Fatty Liver Disease in San Antonio, TX

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What is fatty liver disease?

There are two main types of hepatic steatosis (fatty liver disease): non-alcoholic (NAFLD) and alcoholic steatohepatitis (alcoholic fatty liver disease). Fatty liver disease (FLD) is a condition in which fat forms in the liver cells. This can create liver inflammation, otherwise known as hepatitis, which could evolve into scarring and permanent damage. If the disease increases in severity, or if it's left untreated, FLD can develop into liver cirrhosis, medically known as hepatic cirrhosis, and eventually liver failure.

It is important to take note of the signals your body sends you and contact a gastrointestinal specialist at your nearest San Antonio Gastroenterology Associates location. Our skilled specialists proudly offer patient-centered care for fatty liver disease in San Antonio, TX.

What are the symptoms of fatty liver disease?

Hepatic steatosis often appears in the body with no symptoms. Some symptoms that may show up, however, include:

  • Oversized blood vessels just under the skin’s surface
  • Nausea
  • Jaundice (yellowing of the skin and eyes)
  • Oversized breasts in men
  • Expanded liver
  • Exhaustion
  • Weight loss and loss of appetite
  • Discomfort in the upper right abdomen
  • Abdominal swelling and puffiness in the legs
  • Red palms
  • The feeling of fullness in the center or top right side of the abdomen

What causes fatty liver disease?

There are a couple of types of fatty liver disease among San Antonio, TX patients, with non-alcoholic fatty liver disease and alcoholic fatty liver disease being the primary two. The causes of the non-alcoholic conditions are unknown, but they are linked to obesity, metabolic syndrome, hyperglycemia, and high levels of lipids in the blood. Alcoholic fatty liver disease (AFLD) is brought on by drinking excessive alcohol.

How is fatty liver disease treated?

Treatments vary depending on the kind of FLD and how damaged the liver is. Oftentimes, the liver is not in a critical state and remains functioning as normal. However, if treatment is necessary, your GI specialist at San Antonio Gastroenterology Associates may suggest the following:

  • Losing weight
  • Minimizing alcohol use, if AFLD is present
  • Hepatitis A and B vaccinations
  • Liver transplant
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What is the difference between NAFLD and alcoholic steatohepatitis?

Both NAFLD and alcoholic fatty liver (alcoholic steatohepatitis) may progress to cirrhosis and possibly liver failure. The main difference separating the two is that NAFLD is routinely related to people who are overweight or who have diabetes. Alcoholic steatohepatitis is exclusively associated with excessive alcohol consumption.

Find effective care for fatty liver disease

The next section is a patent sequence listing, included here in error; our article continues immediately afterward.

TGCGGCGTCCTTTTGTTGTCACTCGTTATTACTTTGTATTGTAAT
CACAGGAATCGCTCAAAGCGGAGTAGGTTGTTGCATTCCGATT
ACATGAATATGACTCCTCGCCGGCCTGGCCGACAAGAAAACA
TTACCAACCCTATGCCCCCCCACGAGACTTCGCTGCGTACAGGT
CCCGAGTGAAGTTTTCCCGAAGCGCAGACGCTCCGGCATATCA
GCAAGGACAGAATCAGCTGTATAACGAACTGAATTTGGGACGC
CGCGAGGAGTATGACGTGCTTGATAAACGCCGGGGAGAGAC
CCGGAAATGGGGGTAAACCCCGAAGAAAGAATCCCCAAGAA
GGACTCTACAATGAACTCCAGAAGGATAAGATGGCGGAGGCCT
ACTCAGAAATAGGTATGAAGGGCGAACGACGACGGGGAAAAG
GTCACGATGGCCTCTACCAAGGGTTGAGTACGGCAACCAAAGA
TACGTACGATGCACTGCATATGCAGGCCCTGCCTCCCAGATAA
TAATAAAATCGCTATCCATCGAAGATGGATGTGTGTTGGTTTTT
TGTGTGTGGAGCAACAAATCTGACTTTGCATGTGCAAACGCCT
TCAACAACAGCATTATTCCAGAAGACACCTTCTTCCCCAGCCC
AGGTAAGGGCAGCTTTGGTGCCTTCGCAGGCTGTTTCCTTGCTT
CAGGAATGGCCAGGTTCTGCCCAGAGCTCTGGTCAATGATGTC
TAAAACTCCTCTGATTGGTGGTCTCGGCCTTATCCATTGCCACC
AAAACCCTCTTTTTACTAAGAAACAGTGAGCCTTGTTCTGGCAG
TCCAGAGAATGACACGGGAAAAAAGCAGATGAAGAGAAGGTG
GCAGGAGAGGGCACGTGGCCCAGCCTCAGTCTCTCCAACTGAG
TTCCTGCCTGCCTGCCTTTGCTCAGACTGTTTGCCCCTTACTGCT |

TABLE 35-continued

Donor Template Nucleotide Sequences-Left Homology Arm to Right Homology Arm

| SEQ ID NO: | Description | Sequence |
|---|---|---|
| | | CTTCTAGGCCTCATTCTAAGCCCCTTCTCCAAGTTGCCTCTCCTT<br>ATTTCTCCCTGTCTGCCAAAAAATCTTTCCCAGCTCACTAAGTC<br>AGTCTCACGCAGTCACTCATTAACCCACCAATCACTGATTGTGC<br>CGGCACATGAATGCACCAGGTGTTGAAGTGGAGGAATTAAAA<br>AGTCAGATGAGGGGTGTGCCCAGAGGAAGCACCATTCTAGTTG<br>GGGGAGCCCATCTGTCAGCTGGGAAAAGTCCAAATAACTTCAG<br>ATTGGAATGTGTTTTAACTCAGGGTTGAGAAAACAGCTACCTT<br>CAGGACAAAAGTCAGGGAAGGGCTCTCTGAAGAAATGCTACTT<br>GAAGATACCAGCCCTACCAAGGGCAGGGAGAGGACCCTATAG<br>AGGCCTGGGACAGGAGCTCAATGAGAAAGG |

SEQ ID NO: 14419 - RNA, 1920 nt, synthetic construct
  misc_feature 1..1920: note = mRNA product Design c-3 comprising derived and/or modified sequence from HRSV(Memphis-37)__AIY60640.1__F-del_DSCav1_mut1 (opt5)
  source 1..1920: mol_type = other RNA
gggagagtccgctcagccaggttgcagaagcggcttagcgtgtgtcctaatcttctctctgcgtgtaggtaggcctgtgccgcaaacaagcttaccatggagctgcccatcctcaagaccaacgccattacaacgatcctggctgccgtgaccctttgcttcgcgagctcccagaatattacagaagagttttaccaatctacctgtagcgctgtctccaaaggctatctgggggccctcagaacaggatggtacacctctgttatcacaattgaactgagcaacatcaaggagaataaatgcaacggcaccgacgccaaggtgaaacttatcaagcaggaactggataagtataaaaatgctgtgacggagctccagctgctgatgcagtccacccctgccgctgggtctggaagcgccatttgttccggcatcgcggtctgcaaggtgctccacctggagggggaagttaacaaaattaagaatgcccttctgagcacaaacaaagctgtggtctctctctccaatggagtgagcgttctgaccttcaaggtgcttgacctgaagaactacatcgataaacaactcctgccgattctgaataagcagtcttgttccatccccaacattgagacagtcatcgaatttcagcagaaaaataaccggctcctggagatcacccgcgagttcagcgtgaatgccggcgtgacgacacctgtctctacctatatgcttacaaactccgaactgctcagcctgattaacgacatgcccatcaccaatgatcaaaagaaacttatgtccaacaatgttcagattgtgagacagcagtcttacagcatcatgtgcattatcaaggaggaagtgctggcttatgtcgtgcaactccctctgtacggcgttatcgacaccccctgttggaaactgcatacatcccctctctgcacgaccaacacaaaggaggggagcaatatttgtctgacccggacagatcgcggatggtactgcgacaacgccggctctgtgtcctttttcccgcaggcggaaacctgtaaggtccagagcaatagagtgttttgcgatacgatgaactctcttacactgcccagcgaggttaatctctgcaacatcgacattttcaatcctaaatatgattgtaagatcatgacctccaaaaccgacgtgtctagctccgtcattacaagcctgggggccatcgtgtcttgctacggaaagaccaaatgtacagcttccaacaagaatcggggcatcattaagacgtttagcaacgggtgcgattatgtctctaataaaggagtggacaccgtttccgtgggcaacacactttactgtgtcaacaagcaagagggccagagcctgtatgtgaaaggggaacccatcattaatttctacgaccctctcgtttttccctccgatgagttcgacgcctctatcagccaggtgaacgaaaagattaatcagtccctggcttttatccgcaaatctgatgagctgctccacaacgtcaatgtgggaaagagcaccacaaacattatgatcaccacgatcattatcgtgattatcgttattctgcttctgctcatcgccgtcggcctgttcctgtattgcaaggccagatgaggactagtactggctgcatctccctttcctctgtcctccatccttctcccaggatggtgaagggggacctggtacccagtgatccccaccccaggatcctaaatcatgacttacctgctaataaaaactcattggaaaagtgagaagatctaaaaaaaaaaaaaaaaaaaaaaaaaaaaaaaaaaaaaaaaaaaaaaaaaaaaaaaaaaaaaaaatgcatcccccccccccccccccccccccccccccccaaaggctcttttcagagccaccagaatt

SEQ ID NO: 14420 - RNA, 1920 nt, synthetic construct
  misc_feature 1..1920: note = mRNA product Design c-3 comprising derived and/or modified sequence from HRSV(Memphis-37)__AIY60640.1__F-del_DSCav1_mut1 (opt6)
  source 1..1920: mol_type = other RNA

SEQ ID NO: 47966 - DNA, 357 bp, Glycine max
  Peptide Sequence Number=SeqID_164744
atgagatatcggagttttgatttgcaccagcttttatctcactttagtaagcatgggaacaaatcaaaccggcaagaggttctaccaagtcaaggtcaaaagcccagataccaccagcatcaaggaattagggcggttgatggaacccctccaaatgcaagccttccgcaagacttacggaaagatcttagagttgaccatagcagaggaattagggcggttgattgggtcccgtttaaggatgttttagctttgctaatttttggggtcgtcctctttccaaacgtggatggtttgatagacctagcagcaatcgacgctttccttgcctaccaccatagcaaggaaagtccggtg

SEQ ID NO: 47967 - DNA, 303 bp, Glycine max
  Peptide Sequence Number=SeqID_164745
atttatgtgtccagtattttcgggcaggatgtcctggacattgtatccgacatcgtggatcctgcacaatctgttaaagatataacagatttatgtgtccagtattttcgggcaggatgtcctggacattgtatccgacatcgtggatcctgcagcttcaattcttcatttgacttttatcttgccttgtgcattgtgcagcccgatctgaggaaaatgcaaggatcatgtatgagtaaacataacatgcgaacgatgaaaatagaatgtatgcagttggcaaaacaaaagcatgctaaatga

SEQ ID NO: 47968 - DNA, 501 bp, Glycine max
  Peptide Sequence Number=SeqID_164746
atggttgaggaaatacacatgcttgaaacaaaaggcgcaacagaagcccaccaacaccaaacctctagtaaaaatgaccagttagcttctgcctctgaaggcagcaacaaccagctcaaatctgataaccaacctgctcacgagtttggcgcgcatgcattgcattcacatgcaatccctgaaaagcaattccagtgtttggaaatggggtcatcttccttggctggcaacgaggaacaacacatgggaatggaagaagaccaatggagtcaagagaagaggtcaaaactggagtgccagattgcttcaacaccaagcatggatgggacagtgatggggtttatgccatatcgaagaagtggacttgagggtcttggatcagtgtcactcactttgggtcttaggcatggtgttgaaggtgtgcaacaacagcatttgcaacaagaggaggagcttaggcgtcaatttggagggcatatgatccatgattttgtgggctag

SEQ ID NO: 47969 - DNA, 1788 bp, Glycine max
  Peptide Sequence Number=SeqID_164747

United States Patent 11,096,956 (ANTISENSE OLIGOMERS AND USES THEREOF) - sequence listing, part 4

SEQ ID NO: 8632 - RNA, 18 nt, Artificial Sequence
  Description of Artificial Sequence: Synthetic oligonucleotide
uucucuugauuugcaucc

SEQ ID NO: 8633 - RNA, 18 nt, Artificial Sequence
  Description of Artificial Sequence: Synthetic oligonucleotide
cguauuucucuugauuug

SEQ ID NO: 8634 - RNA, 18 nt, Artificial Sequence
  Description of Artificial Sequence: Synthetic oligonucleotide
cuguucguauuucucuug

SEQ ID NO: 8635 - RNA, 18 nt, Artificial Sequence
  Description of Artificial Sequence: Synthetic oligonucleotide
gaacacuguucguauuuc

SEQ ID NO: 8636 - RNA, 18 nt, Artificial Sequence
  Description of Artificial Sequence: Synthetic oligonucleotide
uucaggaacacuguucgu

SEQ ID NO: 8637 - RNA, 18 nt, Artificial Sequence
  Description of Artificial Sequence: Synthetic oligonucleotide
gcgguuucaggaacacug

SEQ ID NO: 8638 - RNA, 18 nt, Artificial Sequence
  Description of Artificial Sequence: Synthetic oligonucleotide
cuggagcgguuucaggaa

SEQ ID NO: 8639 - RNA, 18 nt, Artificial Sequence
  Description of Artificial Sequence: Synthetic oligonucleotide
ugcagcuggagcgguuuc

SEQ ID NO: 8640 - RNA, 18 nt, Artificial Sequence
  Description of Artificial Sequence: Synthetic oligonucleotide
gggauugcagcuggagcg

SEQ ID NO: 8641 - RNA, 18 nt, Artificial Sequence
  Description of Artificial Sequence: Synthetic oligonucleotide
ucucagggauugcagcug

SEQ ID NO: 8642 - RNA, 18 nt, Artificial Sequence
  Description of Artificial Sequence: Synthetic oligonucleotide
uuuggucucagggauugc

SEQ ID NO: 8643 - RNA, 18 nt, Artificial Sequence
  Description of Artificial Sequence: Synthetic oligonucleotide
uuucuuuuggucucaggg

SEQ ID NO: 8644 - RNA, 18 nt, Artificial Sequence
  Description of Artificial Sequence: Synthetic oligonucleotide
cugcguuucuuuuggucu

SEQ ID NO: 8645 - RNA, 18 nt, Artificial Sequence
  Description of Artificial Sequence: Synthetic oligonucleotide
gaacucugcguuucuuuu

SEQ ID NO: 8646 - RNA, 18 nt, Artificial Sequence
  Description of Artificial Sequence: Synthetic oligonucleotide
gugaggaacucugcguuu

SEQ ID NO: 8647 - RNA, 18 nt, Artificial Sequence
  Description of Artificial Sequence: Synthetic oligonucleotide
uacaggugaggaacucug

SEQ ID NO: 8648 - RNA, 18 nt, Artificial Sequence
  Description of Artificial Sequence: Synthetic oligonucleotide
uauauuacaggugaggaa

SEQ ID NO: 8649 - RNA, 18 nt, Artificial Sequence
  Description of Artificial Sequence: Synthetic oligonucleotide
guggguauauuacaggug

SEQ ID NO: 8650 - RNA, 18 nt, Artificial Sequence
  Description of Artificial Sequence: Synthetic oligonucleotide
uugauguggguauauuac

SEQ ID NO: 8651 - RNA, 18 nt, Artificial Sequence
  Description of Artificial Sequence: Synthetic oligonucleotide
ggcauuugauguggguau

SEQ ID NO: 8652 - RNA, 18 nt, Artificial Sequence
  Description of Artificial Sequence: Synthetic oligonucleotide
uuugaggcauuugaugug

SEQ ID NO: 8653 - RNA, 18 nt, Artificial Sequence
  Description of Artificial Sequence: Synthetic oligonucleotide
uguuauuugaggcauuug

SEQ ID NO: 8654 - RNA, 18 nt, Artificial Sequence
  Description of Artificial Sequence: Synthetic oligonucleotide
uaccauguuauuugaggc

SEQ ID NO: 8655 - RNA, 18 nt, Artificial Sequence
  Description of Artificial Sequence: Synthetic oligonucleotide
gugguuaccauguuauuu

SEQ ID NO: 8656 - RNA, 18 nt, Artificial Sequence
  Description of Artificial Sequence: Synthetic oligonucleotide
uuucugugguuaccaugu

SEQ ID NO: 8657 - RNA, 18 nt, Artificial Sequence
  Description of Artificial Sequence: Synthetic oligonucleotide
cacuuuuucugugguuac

For patients dealing with fatty liver disease in San Antonio, TX, there is promise and treatment available. Our network of gastrointestinal providers aims to offer patient-centered therapy that sustains the maximum clinical standards. If you suspect you have or are diagnosed with this serious condition, connect with our GI providers and place your trust in San Antonio Gastroenterology Associates.

Are there any foods I should avoid eating if I have fatty liver disease?

If you were diagnosed with or suspect you have fatty liver disease, you may be open to taking steps toward a new wellness journey. Some foods and beverages you might want to steer clear of if you have fatty liver disease include:

  • Sugary foods and drinks (including candy, cookies and cake, sugary drinks, and others)
  • Foods with added sodium
  • White flour (including white bread and white pasta) and white rice
  • Red meat (hamburgers, steak, and more)
  • Fried food
  • Alcohol
What food is ideal to eat when you have fatty liver disease?

Those with fatty liver disease often consider following what is called the “Mediterranean diet.” This diet incorporates several fruits and veggies, whole grains, a variety of nuts, lean meats, and healthy fats (including avocados). Your GI provider at San Antonio Gastroenterology Associates will be able to help you determine if a special diet will be beneficial.

Can I prevent fatty liver disease?

We suggest that our patients concentrate on nurturing their long-term health, which, in turn, may help them avoid fatty liver disease. Maintaining a healthy weight or starting to lose weight if considered overweight or obese, exercising regularly, keeping up with a nutritious diet, and limiting alcoholic drinks may help reduce their risk of developing this condition.

What are some questions I should ask my physician if I am diagnosed with fatty liver disease?

If you have just been diagnosed with fatty liver disease, it’s only natural to have questions and concerns. Some questions to ask your gastroenterologist are:

  • Are any of my daily medications possibly impacting my fatty liver disease?
  • How much damage has occurred to my liver and can it go away?
  • Can losing weight improve my liver health?

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